Turkish police arrested 13 people on Thursday morning during a series of raids targeting Islamic State cells in 16 Istanbul locations. The arrests followed a terror attack that killed 43 people, and injured 239 others on Tuesday night at the Ataturk International Airport. The incident marks the fifth suicide bombing in Istanbul this this year, and the eighth in Turkey as a whole.
The assailants arrived to the airport via taxi, and opened up fire in the arrival hall of the terminal’s entrance. When police began firing back, the three assailants detonated suicide vests: one blast occurring on the ground floor of international arrivals, one in the entrance to the first floor of international departures, and the third at a nearby parking lot. Security camera footage shows the exchange of fire and the deadly explosions, followed by hundreds of civilians running to escape the ensuing chaos.
Turkish Health Minister Recep Akdag said Wednesday that 128 people remain hospitalized. Those killed included 13 foreigners: six from Saudi Arabia, and others from Iran, Iraq, Tunisia, China, Jordan, Ukraine, and Uzbekistan.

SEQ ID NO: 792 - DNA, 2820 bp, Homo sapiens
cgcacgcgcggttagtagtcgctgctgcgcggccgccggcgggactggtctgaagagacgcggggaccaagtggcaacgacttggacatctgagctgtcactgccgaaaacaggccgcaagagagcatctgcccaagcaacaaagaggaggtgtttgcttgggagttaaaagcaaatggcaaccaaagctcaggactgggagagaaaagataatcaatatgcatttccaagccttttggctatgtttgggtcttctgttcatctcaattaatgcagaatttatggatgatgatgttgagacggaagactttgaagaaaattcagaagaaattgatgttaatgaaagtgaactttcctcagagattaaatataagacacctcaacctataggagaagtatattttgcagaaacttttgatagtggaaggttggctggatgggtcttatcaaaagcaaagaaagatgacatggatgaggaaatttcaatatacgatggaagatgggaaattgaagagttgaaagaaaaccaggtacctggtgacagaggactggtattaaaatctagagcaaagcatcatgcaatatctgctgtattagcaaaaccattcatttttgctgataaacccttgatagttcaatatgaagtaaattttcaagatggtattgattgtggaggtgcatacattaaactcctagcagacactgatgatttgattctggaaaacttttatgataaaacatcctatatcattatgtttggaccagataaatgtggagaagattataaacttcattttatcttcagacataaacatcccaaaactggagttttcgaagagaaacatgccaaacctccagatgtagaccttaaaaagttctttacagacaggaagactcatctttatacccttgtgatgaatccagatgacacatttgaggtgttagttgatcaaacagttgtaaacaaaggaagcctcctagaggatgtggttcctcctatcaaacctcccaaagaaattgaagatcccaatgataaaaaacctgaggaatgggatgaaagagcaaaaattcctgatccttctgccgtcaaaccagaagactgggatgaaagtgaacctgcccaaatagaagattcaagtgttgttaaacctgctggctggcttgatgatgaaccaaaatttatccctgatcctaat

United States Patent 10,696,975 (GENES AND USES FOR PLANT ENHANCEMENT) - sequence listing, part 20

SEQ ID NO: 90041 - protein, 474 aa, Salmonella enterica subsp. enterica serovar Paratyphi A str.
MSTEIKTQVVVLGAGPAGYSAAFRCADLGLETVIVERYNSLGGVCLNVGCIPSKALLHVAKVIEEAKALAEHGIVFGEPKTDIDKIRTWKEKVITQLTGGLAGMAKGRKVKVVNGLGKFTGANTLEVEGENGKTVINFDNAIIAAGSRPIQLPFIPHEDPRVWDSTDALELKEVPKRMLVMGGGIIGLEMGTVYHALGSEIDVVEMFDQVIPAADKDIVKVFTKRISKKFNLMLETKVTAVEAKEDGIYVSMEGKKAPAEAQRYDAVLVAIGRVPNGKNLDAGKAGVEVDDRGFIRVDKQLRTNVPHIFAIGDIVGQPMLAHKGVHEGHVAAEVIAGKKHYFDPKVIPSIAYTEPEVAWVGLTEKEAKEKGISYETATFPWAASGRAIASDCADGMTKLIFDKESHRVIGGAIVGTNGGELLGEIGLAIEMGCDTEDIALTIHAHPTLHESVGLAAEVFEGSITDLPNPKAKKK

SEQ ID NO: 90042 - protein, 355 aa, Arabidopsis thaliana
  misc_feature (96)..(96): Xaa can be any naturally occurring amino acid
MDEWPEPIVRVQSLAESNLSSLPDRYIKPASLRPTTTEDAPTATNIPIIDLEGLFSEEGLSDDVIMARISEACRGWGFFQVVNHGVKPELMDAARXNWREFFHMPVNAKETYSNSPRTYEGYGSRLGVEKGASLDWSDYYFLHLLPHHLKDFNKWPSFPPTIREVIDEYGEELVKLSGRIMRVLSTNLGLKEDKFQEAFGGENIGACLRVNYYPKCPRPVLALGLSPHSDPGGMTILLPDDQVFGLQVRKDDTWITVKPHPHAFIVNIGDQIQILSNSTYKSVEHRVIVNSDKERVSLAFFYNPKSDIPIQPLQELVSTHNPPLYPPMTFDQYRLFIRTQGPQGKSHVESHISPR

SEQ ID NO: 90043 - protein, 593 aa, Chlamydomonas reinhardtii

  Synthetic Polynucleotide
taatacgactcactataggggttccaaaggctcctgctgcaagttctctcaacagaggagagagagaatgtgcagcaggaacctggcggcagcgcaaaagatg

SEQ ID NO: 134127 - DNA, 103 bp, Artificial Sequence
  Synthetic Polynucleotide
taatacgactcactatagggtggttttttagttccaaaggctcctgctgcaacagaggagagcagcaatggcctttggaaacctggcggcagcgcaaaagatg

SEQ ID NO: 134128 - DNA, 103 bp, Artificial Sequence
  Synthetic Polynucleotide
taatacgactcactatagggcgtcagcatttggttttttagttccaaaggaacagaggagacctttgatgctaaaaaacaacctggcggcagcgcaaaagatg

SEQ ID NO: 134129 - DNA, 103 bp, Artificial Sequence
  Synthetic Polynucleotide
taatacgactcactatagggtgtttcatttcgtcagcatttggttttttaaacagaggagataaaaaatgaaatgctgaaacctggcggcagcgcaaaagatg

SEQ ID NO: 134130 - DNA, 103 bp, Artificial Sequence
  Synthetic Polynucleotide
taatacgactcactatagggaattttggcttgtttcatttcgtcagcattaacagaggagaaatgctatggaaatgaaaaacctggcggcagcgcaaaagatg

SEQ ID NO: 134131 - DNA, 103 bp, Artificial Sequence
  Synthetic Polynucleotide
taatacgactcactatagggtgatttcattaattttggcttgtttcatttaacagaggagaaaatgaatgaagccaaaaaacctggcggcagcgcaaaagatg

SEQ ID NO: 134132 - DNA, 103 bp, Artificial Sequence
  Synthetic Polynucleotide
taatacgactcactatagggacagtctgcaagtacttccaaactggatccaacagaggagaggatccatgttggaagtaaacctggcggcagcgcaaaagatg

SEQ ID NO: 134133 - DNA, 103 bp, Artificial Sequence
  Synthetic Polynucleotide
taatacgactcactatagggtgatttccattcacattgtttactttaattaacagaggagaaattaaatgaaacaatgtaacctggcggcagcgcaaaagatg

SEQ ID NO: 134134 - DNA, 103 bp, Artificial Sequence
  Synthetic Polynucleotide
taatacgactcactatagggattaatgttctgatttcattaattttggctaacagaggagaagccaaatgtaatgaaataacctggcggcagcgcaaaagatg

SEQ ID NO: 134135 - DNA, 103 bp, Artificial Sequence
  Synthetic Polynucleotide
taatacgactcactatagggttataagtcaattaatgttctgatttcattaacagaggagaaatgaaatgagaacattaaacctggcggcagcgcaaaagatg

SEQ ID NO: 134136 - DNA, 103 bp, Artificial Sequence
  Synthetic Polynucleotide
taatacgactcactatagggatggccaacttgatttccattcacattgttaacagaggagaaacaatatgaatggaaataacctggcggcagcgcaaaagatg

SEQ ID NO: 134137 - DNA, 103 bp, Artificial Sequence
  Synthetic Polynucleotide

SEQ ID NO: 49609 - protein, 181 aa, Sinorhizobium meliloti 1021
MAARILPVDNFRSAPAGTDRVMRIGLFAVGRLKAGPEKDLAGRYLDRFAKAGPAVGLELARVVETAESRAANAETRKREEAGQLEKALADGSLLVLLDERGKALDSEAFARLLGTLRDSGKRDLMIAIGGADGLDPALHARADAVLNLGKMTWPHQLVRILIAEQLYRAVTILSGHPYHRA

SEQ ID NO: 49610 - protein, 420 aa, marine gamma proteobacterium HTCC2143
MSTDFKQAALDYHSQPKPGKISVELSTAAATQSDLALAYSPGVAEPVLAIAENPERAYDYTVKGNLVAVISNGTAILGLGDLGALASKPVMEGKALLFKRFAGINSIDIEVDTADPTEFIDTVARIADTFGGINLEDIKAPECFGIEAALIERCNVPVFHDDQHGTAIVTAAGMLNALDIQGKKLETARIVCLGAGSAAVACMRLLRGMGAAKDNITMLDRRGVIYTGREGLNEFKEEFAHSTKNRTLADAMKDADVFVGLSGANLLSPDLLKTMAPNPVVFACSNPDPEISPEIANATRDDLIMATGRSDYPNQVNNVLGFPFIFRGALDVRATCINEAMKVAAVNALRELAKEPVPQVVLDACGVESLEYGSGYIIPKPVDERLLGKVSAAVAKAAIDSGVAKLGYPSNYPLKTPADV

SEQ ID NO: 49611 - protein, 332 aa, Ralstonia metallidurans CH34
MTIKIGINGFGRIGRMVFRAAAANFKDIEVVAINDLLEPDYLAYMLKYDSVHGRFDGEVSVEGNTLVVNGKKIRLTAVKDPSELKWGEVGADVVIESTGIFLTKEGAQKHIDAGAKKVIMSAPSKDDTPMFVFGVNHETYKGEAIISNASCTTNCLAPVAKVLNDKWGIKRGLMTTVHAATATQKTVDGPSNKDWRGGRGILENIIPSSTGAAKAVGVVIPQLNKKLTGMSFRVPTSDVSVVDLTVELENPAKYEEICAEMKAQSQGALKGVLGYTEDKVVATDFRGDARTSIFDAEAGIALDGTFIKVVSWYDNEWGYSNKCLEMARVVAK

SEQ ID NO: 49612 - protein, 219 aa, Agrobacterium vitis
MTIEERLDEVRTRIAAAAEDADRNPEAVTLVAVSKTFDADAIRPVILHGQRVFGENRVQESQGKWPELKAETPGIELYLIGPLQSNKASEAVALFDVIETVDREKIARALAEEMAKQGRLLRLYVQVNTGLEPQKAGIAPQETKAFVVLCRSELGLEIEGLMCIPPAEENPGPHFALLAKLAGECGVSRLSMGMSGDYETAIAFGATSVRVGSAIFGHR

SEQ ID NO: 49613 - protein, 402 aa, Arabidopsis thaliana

No group has claimed credit for the attack, but Turkish Prime Minister Binali Yildirim predicted that ISIS would be proven responsible. Analysis cited in the Washington Post said that the violence has the hallmarks of an ISIS operation, including the use of suicide bombers to randomly target civilians at a major transportation center, similar to the attack at the Brussels airport in March. CIA Director John Brennan said that Islamic State does not often claim credit for attacks inside Turkey, as it could alienate prospective recruits inside the country. By contrast, Kurdish militant groups have also carried out recent killings in Turkey, but normally strike governmental targets.
According to CNN, the three attackers—from Russia, Uzbekistan, and Kyrgyzstan—arrived in Turkey about a month ago from Raqqa, Syria, Islamic State’s de facto capital. A Chechen man living in Syria, Akhmed Chatayev, was thought to have trained at least one of the terrorists.
Ataturk Airport is the 11th busiest airport in the world, and is known for requiring its 60 million travelers a year to pass through double security checkpoints, one before entering the terminal, and again after going through passport control. Law enforcement analyst Tom Fuentes calls it “one of the most secure airports in the world,” however the popular travel destination has been, “very overwhelmed for several decades with terrorism.” Turkish President Recep Tayyip Erdogan declared a national day of mourning, and called for international unity to join forces in the fight against terrorism.